It is a bonus to have both versions of numbers 4 and 9. Number four was originally three movements with an prelude added much later - and it shows in the orchestration. Having this is the piano solo version at least helps iron out some of the creases. Number 9 is presented in both the strings only and voices only: in either version it is one of the strongest of the series. Perhaps the most popular piece, "the Little Train of My Countrymen" in number 3 is stunningly recorded with parts of the orchestration ringing out, literally where I've not heard them before: the ending with the smell of lingering steam and hot brake metal from the strings is highly evocative.
The Choros series is extraordinary, one of the great musical series of the twentieth century. They draw on the folk / street music Choros form - sounding rather free but with more rondo like structures often lurking beneath the surface. Some find the apparent freedom of form to be rambling but I think that misses the point: a conservatory trained composer of modest talent can produce a tightly argued but forgettable work. Villa-Lobos proved on plenty of occasions that he had command of classical form - try his middle quartets or even his youthful Sinfonietta. With the Choros your senses are assaulted by the richest, most voluptuous orchestration with so many wonderful episodes en route. No. 6 is a case in point: I really do think that rambles and loses its way but there's too much unforgettable music along the way to dismiss it.
The works vary between the modest scale of the solo guitar and piano works to the huge orchestra of no 12 and the massive piano concerto like no 11. I find it extraordinary that No. 11 (lasting over an hour)can work at all with the first two movements being so episodic, but it does partly through the sheer joy coursing through it and the use of a main theme in the finale that guides the work to its conclusion - what a piece. I can't think of another composer who could pull such a thing off. The orchestral works truly showcase what a great orchestrator Villa-Lobos was. The chamber works are exquisite too, not short of humour or sentiment. If anything, the chamber works are closer in spirit to the original street, popular culture that the series celebrates.
Whilst formally harking back to Brazilian national music he shows a great awareness of French fashions as he hypes up the dissonance in no 8 and the remarkable choral no 10. Both have much in common with his Amazon inspired works. Overall though there is so much hummable, foot tapping music to get carried away by and some heart melting moments of nostalgia. Numbers 6 and 9 were a great discovery to me - why aren't they better known? The Introduction to Choros for Guitar and Orchestra is a beautiful and wistful piece - again you're not likely to hear that in the concert hall either. The Choros are a wonderful life enhancing series guaranteed to put a smile on your face if you're not obsessed too much over musical double entry bookkeeping. It is not the opening or final destination that matters, it's the fantastic views along the way.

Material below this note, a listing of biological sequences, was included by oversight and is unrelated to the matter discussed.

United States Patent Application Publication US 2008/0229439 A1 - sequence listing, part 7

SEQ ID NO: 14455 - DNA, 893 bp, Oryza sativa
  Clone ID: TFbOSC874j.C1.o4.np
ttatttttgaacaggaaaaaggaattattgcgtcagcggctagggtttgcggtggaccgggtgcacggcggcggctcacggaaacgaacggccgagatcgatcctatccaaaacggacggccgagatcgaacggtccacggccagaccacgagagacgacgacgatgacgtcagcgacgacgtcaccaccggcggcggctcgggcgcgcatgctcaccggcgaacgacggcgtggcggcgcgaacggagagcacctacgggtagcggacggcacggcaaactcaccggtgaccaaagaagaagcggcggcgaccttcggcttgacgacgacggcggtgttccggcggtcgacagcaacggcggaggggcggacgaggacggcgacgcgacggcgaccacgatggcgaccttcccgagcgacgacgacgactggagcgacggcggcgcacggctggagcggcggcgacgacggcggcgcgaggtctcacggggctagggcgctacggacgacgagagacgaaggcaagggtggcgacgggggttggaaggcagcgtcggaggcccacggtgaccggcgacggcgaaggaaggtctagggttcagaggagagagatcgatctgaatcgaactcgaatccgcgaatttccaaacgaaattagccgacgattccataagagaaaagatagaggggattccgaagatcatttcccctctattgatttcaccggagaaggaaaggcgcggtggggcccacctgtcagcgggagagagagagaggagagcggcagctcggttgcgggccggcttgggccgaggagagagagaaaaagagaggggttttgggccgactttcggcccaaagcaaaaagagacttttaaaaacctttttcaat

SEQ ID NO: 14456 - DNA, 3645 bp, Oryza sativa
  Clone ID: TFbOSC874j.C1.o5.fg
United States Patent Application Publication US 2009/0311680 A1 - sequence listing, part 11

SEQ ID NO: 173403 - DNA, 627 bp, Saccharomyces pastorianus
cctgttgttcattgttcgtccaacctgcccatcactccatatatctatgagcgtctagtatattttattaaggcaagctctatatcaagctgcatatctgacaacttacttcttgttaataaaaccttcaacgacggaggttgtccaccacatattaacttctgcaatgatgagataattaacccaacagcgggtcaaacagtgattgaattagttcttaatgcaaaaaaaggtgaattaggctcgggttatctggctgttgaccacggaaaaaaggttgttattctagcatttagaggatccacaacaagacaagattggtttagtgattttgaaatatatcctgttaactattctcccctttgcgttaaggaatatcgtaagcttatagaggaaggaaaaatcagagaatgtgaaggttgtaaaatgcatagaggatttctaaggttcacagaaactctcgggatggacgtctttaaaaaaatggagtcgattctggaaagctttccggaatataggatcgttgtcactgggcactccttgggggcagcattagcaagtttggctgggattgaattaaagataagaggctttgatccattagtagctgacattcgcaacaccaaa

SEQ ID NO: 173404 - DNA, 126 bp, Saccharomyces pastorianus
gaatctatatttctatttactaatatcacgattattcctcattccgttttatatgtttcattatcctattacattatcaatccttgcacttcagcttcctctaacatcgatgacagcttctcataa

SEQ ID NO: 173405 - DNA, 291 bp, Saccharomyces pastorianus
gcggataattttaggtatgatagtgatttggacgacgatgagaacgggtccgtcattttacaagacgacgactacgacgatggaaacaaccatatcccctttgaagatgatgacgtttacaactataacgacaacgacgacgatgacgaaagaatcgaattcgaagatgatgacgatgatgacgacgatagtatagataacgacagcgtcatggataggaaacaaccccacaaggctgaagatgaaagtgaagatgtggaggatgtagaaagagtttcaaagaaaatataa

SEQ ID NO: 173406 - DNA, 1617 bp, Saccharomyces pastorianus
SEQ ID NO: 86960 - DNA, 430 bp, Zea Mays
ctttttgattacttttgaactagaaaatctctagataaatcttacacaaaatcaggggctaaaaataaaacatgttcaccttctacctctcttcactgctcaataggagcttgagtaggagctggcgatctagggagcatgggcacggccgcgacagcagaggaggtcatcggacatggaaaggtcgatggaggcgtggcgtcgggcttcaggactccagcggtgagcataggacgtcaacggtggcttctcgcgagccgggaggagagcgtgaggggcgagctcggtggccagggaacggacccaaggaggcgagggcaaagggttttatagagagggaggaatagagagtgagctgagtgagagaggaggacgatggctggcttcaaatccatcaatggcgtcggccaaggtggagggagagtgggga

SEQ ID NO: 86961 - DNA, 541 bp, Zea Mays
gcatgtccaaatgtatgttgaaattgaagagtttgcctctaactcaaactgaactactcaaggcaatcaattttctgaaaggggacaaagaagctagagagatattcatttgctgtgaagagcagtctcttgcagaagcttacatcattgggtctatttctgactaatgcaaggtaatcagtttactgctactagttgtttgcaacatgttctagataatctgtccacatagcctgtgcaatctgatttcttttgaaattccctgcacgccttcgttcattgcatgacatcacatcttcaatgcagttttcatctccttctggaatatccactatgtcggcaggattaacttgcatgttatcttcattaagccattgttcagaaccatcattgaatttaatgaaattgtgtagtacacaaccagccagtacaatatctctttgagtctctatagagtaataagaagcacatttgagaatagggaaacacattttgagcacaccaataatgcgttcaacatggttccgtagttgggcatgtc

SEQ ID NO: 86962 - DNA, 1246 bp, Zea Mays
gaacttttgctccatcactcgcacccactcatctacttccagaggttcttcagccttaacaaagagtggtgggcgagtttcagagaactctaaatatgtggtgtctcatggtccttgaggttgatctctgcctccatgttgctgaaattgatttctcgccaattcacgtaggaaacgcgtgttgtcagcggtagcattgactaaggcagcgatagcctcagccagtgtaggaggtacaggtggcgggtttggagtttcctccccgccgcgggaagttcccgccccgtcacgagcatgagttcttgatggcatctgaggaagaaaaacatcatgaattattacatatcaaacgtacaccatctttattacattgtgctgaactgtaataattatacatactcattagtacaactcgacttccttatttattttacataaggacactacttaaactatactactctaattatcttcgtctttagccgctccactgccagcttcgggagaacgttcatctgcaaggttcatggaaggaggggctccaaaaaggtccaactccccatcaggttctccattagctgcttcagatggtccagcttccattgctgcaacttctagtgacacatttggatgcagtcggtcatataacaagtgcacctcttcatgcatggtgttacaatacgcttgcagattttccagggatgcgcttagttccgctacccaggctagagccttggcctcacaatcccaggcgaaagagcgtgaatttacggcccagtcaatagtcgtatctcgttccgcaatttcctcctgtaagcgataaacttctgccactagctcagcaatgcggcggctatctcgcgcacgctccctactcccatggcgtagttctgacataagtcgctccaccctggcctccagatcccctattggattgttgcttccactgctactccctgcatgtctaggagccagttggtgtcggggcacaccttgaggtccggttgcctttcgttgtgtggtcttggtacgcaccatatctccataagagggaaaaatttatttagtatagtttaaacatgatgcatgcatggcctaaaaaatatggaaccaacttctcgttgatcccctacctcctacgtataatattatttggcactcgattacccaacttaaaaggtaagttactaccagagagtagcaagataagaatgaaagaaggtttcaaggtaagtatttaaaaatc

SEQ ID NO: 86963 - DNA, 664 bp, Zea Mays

The Bachianas are better known and receive fine performances again. There is strong competition at a bargain price from both Kenneth Schermerhorn on Naxos and Enrique Batiz on EMI. Both are excellent interpretations - the equal of these in many ways but the Sao Paolo Symphony Orchestra are superior to the competition and there's the small matter of the demonstration class sound engineering. Given the couplings with the Choros and the guitar works at such a good price this must be the preferred version.
The complete guitar solo works are given a fine rendition and are, again, a match for most competition. Remember, the guitar works were added as a bonus. If I have any criticism it is that a solo guitar in an echoey hall isn't ideal: I prefer the closer Naxos recording with Norbert Kraft. With an asking price for the whole lot of less than £40 on CD and £15! for a download, you've got a special series at a fabulous price. As I mentioned this set has been a great discovery for me that have since opened up the marvellous quartets,symphonies, piano works, ballets and tone poems. Thank you BIS; you've made me very happy.